I can directly link the sense of entitlement and lack of motivation our youth expresses today to the day we stopped teaching them to hit a baseball that was actually thrown at them. Instead we set the ball on a Tee and gave them as many swings as they need to hit the ball. On top of that, regardless of how many more runs one team scores than the other, no winners or losers are declared.
The T-Ballification of America was the beginning of the end. No longer did youngsters have the drive to be better than the competition. They didn’t need to. Regardless of his or her performance, they were going to receive the same trophy as the other guy.
Participation ribbons were one thing. I get that each kid deserves a little smack on the ass for at least trying, but not declaring a winner or a loser just taught our children not to try.
Recently a ‘martial artist’ visited my gym. She was very talented, and had pretty decent technique. It was the beginning of Summer and the gym was somewhat hot. She quit ½ through class, complaining about the heat. She said she just couldn’t continue.
I contend that regardless of her seemingly good technique, she was no martial artist. If she learned her martial arts in an air-conditioned room with matted floors, and was unable to execute her martial arts in conditions that were less favorable… she had no business calling herself a martial artist.
Learning to defend yourself in the heat of battle means you are accustomed to adverse conditions, and you are mentally and physically prepared to endure them. You prepared to persevere and rise to the occasion. Her martial arts instructor did her a disservice. All this time, she thought she had learned a skill that in reality she had not. Her kicks were pretty, but what good are they if you are unable to throw them in adverse conditions?
I have seen a paradigm shift in our society regarding those who underachieve. When I was a child, I was scared to death to have my teacher call my mother to tell her I had acted up in class. Nowadays, teachers are scared to death to make that call, for fear of how the parent will respond. Undoubtedly, Mom or Dad would blame the teacher for creating an environment that would allow their son or daughter to act out.
At first blush, the sense of entitlement and the lack of drive are two completely separate issues, but I submit they are connected.
I am a huge MMA fan. I have enjoyed watching the sport evolve and how the athletes have become more and more talented. This would debunk my theory about kids having no drive, because they could not reach such great heights without it. But, more often than not, I find myself reading stories about athletes that have committed a bone-head crime, or fallen out with their trainer or management team, or tested dirty for a banned substance. There is a lack of accountability that is created when you stop keeping score. There is a lack of responsibility if your teammates are not depending upon you when you step up to the plate.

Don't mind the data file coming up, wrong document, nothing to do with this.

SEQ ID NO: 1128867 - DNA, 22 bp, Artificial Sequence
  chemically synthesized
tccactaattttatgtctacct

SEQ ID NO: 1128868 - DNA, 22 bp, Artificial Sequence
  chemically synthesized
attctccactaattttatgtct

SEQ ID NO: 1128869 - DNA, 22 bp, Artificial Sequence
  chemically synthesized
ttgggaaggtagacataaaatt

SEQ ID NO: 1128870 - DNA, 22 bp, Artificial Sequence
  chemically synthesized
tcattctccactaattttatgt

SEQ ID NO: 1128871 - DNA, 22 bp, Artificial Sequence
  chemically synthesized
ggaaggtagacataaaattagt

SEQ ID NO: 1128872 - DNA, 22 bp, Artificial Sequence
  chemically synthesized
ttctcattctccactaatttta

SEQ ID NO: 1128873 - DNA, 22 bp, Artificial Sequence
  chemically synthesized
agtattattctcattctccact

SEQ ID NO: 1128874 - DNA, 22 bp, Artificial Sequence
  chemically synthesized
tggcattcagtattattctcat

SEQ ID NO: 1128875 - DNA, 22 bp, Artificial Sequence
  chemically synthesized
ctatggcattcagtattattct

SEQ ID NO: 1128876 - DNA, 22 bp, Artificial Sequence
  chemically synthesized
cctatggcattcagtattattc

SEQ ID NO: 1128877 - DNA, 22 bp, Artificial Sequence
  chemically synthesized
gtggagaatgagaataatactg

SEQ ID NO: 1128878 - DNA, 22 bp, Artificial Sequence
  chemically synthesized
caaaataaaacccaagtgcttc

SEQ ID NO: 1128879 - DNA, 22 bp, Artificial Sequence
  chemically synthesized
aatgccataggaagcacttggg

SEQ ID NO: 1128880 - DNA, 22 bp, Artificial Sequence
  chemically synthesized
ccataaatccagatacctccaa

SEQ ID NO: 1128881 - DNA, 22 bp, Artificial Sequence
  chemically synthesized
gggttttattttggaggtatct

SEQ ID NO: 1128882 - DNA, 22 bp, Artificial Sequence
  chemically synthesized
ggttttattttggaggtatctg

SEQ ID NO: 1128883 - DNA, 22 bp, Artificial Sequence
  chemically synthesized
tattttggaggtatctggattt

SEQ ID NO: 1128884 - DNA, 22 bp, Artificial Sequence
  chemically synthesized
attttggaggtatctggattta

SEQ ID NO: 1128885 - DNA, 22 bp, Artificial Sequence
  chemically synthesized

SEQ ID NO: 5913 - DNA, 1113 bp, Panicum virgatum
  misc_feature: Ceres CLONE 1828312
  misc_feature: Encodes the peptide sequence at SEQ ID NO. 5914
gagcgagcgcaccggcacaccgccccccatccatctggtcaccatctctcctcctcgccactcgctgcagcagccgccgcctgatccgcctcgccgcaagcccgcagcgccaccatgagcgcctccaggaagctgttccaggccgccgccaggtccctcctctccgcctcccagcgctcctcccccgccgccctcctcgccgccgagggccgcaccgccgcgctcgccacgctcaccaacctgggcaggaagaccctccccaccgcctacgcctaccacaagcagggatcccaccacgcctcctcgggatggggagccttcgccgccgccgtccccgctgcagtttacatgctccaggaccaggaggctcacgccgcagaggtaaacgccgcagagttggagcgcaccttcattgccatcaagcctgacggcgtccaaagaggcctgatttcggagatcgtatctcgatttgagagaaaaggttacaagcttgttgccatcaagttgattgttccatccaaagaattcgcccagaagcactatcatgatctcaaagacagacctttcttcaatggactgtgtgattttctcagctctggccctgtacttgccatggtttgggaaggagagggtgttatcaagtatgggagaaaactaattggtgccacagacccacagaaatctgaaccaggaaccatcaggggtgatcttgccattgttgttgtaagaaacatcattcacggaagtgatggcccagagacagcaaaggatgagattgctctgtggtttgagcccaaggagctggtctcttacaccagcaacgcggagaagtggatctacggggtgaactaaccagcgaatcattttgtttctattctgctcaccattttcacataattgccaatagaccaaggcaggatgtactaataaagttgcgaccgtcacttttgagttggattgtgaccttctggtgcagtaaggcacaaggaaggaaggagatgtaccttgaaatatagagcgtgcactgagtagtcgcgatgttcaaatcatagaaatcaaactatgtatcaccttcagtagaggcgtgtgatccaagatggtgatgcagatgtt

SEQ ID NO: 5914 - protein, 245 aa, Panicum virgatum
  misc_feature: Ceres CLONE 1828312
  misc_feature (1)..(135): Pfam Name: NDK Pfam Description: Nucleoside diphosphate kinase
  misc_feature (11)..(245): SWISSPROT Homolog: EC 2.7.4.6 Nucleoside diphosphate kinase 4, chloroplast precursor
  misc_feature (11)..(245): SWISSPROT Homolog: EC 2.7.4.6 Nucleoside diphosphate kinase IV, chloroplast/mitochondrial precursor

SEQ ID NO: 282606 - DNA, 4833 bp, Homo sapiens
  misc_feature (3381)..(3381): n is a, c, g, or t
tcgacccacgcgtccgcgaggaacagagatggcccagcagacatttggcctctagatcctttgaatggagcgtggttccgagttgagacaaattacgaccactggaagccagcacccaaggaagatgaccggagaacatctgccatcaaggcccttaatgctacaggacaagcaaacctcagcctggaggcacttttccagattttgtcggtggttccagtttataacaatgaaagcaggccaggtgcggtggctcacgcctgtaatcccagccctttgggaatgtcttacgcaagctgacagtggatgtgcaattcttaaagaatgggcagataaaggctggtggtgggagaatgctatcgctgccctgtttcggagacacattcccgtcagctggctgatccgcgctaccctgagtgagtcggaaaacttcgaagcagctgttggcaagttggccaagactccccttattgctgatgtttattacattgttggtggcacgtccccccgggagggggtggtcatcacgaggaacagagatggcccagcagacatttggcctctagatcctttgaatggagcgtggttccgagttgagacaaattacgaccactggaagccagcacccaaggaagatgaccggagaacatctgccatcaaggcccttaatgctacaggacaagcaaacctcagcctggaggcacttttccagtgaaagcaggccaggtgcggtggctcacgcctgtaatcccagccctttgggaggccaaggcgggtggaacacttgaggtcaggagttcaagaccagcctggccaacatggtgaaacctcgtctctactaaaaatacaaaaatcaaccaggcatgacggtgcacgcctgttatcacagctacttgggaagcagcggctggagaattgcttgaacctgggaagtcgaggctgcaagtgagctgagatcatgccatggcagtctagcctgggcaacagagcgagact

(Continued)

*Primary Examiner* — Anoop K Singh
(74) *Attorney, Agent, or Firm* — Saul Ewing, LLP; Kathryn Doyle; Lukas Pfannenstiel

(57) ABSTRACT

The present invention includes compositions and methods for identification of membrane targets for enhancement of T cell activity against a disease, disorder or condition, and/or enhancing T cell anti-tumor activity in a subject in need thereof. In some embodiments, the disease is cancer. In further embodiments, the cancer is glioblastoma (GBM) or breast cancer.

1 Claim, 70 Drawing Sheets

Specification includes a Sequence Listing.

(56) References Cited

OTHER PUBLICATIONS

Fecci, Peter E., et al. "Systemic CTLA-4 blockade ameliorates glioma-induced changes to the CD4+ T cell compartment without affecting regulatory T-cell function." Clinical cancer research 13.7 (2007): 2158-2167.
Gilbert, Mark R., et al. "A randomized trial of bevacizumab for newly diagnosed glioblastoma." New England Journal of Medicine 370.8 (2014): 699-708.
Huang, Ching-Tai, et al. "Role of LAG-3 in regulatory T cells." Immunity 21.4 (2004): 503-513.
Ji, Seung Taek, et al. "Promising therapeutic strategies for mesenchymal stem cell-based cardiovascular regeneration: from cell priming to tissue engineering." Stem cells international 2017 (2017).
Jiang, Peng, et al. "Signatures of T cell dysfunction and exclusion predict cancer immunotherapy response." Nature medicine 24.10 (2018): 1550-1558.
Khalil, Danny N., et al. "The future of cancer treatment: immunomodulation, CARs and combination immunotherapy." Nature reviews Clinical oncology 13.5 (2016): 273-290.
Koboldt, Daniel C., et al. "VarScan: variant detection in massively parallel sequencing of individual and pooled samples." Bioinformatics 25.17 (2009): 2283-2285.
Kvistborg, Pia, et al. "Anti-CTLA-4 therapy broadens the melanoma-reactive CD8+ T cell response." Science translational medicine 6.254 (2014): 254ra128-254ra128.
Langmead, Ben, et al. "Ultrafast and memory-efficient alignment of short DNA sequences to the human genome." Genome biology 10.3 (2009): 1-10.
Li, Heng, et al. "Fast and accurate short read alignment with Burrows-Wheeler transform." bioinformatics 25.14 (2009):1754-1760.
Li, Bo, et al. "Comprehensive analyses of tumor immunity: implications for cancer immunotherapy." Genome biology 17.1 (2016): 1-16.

Compound that issue with the powers that be taking all the emotion out of the game for fear you may hurt each other’s feelings. The NFL disallowed celebrating a good play. You are now considered taunting if you show any emotion for succeeding. When did we get so sensitive that we cannot handle seeing our opponent jump up and down? That should do nothing but fuel your fire to work harder and do what is necessary to not let that happen again.
Bring back the pitcher. Make him stand out on the mound, and throw the ball over the strike zone. Make his opponent stare him in the eye and try to make contact with that ball. Make the outcome of the game depend upon who gets the best of whom. Teach a kid how to win a game, and how to come up on the short end of the stick. Make him look his teammates in the eye when he fails, and let him be carried on their shoulders when he succeeds.
I teach martial arts, not baseball, but the analogy crosses over. While a healthy and safe environment is always strived for, Little Johnny just might get punched in his face. And as much as it hurts us as parents to see that happen, it might not be the worst thing that could happen to him. He might just realize that if he keeps his hands up like his instructor taught him, or used the footwork that we have been working on in class, he just might not suffer the same result in the future.
If we as parents teach our children accountability at a young age, as well as the importance to strive to be the best they can be, rather than coddling them, and trying to protect them from the evils of the world, they will have a much greater chance at success as they grow older.